June 2021 marks 50 years since Richard Nixon declared “drug abuse” the United States’ “public enemy number one.” It is a grim anniversary that resonates not only in the United States but all over the world. The global drug war is an unmitigated human rights disaster, well-documented in painstaking detail. As U.S. domestic drug policy reform gains momentum, it is time the United States makes a concerted effort to de-escalate the failed, harmful, and disastrous global war on drugs.
There is reason for hope. After a century as the self-appointed leader of punitive drug enforcement—and billions wasted on the effort—U.S representatives struck a decidedly different tone on the global stage at the UN Commission on Narcotic Drugs. Regina LaBelle, acting director of National Drug Control Policy, gave the United States national statement in April, noting that “we can’t confront today’s challenges with yesterday’s methods; we have to modernize and make sure our approaches are responsive to current trends.” She went on to highlight the Biden-Harris Administration’s Statement of Drug Policy Priorities for Year One and emphasized the administration’s focus on “ensuring racial equity and promoting harm reduction efforts.”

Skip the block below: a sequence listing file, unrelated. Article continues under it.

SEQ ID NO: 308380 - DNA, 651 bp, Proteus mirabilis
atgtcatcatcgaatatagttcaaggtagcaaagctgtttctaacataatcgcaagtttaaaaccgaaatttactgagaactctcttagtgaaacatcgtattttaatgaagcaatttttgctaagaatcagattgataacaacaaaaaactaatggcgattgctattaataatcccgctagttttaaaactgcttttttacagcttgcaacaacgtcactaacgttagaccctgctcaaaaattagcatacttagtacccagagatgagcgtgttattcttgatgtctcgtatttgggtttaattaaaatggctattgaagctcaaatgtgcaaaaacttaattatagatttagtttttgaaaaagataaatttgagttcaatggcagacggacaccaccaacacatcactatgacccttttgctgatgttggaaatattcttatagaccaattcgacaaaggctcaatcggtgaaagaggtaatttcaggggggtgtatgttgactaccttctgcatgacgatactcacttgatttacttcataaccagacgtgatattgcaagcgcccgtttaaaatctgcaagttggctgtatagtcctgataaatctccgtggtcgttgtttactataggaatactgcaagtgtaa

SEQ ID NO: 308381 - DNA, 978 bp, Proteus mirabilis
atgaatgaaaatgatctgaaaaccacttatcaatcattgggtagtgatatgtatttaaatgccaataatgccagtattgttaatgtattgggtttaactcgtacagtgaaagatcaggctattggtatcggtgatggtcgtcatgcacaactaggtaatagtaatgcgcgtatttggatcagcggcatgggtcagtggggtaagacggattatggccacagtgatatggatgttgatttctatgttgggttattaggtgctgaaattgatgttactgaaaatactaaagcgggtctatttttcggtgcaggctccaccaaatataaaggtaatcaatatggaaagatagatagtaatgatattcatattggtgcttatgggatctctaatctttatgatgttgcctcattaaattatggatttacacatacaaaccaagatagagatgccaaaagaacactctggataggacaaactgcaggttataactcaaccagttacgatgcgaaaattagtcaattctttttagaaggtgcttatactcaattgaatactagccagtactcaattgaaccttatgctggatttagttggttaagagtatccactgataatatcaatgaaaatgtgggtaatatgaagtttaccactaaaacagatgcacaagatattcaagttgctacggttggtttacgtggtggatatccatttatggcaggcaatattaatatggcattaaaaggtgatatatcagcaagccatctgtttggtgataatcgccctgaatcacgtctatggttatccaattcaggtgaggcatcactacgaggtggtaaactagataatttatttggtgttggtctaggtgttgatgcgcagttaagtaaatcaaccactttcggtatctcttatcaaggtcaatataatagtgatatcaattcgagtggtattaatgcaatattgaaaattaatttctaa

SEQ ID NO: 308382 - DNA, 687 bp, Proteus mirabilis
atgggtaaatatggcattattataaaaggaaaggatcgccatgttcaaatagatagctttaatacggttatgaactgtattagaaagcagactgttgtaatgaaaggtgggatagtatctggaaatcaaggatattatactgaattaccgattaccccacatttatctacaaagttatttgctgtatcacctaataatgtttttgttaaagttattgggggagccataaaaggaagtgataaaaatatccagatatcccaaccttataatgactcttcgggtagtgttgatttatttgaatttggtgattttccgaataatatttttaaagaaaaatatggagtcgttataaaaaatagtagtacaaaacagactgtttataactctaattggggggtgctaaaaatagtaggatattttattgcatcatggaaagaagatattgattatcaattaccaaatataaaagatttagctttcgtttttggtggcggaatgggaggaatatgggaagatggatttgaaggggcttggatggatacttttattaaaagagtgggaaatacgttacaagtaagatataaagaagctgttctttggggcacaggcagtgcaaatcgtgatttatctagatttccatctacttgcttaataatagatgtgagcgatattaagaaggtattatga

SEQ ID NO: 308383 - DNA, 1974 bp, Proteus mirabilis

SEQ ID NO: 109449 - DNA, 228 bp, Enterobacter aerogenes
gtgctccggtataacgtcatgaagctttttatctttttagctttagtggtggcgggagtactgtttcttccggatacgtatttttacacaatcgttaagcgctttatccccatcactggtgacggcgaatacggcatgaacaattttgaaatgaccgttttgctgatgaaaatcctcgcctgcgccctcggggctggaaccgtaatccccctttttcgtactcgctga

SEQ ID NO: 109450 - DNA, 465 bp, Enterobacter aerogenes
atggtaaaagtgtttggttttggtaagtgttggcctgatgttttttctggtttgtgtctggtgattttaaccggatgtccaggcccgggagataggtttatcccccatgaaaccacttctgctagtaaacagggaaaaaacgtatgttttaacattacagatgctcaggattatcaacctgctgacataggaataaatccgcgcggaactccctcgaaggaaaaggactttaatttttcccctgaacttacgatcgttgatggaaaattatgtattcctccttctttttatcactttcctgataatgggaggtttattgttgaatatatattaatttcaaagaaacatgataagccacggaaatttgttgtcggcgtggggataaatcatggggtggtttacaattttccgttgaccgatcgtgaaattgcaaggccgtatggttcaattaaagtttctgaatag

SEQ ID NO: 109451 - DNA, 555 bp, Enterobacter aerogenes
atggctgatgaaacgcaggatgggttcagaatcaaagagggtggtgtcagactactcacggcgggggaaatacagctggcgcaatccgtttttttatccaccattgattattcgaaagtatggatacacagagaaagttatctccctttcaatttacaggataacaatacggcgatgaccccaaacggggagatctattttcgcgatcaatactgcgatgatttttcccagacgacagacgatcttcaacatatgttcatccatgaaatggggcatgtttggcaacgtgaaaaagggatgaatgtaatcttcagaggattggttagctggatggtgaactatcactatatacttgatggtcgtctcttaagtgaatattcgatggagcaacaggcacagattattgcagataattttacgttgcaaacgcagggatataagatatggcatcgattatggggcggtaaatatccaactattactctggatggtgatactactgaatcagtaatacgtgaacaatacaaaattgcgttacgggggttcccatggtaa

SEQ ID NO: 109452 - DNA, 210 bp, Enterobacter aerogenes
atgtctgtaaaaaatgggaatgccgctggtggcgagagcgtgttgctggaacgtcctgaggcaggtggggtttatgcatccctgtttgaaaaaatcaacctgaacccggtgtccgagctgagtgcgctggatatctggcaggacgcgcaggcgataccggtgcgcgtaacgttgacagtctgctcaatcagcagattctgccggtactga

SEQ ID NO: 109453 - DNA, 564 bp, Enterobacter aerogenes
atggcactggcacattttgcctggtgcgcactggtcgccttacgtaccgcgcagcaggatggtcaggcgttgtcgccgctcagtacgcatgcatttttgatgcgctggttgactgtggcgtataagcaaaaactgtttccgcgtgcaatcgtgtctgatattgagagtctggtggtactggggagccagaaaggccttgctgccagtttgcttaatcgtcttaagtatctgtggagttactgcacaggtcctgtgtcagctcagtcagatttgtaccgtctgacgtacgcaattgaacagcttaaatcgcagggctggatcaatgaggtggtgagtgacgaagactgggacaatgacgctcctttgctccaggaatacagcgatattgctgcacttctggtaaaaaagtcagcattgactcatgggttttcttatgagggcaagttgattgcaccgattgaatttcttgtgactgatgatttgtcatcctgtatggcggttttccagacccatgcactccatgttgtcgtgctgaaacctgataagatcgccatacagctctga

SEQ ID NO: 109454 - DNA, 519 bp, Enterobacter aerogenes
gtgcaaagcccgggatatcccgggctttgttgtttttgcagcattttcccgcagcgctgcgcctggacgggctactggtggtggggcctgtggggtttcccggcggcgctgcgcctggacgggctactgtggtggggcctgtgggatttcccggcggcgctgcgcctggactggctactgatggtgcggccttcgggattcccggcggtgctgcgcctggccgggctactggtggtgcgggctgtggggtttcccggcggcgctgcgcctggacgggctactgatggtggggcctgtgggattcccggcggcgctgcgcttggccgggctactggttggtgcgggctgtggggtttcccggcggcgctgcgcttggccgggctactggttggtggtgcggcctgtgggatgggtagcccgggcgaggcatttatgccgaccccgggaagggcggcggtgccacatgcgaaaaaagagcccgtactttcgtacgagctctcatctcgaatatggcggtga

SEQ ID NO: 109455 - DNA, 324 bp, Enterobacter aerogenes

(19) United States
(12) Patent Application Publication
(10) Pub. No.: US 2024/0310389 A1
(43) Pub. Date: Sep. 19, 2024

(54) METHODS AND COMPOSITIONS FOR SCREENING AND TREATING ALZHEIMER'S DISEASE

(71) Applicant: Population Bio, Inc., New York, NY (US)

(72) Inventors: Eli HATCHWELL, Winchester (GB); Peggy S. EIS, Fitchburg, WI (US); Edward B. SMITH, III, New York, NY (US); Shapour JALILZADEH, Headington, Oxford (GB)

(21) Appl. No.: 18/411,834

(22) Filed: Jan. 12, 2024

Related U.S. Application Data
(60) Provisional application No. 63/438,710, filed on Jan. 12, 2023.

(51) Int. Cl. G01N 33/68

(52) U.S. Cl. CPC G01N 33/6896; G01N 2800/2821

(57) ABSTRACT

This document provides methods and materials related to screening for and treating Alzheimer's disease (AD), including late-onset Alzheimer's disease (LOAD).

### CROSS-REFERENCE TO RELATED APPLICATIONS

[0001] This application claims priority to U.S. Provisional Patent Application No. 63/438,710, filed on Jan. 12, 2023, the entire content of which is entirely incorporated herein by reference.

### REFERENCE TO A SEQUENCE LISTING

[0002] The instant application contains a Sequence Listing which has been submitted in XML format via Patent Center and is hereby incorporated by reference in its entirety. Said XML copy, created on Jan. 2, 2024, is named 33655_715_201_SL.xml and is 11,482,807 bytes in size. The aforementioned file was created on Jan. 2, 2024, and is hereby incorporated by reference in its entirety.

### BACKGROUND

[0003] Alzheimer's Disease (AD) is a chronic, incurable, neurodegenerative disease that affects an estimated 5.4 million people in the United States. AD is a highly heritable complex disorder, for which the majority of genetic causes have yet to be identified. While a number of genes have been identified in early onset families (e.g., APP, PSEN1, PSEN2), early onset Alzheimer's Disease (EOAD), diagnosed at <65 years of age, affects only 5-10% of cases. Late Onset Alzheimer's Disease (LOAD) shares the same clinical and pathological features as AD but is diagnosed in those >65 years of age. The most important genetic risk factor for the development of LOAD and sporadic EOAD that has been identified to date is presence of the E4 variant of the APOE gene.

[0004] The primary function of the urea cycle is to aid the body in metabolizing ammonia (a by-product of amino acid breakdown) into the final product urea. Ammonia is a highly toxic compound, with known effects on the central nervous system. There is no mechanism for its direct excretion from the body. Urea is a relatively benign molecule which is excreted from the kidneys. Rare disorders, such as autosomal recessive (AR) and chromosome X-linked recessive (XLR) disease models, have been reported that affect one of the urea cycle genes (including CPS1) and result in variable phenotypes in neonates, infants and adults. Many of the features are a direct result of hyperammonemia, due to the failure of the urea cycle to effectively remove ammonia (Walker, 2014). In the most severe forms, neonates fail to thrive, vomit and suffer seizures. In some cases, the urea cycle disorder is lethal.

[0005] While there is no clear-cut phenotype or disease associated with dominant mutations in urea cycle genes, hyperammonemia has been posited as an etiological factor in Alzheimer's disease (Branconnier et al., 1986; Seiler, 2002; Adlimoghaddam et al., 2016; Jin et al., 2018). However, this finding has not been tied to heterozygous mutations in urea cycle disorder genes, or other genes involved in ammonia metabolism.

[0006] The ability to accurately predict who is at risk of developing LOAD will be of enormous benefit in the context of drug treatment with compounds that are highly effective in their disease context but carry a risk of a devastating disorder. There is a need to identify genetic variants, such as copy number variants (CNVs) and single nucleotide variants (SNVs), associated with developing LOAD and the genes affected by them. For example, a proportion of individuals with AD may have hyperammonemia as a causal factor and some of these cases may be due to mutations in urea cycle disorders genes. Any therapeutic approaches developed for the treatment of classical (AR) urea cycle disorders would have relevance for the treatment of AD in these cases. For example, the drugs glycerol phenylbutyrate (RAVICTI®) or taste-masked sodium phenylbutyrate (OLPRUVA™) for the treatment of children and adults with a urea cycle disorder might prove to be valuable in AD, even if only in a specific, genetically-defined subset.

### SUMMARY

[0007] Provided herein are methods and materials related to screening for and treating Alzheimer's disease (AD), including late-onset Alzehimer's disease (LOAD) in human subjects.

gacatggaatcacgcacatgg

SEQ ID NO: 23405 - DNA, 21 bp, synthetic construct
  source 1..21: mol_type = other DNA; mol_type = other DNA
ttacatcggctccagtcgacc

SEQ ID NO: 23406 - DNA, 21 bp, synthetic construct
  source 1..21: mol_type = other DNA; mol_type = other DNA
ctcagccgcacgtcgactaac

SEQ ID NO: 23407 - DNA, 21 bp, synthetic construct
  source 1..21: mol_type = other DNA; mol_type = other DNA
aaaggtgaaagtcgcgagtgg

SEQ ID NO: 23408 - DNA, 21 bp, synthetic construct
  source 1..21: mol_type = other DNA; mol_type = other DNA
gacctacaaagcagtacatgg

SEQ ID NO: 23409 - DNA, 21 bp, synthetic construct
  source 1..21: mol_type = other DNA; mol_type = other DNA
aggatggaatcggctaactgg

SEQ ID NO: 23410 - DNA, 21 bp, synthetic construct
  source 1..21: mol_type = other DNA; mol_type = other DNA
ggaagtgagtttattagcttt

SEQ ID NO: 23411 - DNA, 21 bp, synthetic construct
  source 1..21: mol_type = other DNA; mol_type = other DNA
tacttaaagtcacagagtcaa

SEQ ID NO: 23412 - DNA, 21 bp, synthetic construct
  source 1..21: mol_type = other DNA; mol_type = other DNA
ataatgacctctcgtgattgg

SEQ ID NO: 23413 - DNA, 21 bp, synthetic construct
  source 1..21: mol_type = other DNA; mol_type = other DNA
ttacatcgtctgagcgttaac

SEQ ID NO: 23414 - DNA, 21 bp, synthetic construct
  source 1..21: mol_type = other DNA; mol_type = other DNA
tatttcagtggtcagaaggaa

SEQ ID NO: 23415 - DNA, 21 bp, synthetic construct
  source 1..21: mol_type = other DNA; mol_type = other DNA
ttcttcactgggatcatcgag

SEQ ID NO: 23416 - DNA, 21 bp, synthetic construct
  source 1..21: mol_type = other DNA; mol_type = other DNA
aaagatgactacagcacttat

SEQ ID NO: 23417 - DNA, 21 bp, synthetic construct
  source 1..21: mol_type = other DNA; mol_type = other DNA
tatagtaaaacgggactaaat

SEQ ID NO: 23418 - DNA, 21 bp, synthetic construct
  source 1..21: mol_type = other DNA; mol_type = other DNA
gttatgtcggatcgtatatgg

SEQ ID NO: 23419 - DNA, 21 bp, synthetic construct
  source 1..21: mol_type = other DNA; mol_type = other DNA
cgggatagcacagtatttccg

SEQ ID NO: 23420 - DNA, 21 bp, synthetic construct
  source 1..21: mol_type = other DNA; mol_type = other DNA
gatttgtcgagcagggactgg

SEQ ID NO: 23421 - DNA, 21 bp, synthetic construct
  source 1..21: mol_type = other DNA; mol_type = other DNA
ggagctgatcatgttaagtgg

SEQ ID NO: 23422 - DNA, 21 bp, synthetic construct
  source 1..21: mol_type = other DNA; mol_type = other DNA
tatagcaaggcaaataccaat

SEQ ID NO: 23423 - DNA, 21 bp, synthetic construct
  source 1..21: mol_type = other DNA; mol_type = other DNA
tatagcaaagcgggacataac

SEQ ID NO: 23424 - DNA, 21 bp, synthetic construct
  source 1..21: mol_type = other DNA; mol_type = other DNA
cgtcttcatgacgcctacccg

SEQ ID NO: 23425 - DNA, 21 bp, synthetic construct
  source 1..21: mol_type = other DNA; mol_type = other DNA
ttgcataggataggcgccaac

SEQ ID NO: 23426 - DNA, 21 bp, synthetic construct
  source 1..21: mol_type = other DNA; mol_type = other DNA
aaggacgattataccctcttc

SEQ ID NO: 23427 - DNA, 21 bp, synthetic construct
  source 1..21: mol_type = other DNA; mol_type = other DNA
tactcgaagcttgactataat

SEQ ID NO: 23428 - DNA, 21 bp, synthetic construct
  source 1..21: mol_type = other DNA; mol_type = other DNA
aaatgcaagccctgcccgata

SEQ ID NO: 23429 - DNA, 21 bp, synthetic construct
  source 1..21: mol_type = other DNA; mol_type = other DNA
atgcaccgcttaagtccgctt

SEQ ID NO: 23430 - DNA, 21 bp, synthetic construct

The Biden-Harris Administration intends to make a bold shift away from the drug war at home—especially in the face of an unprecedented overdose crisis that has seen more than 70,000 Americans die from a drug overdose in 2019 alone. Their commitment to scaling up harm reduction and evidence-based drug treatment and to ensuring racial equity is crucial and long overdue. It will require a huge and sustained effort to undo decades of harm, especially to communities of color. However, when it comes to U.S. foreign policy, these progressive approaches need to translate into something more than pleasing rhetoric.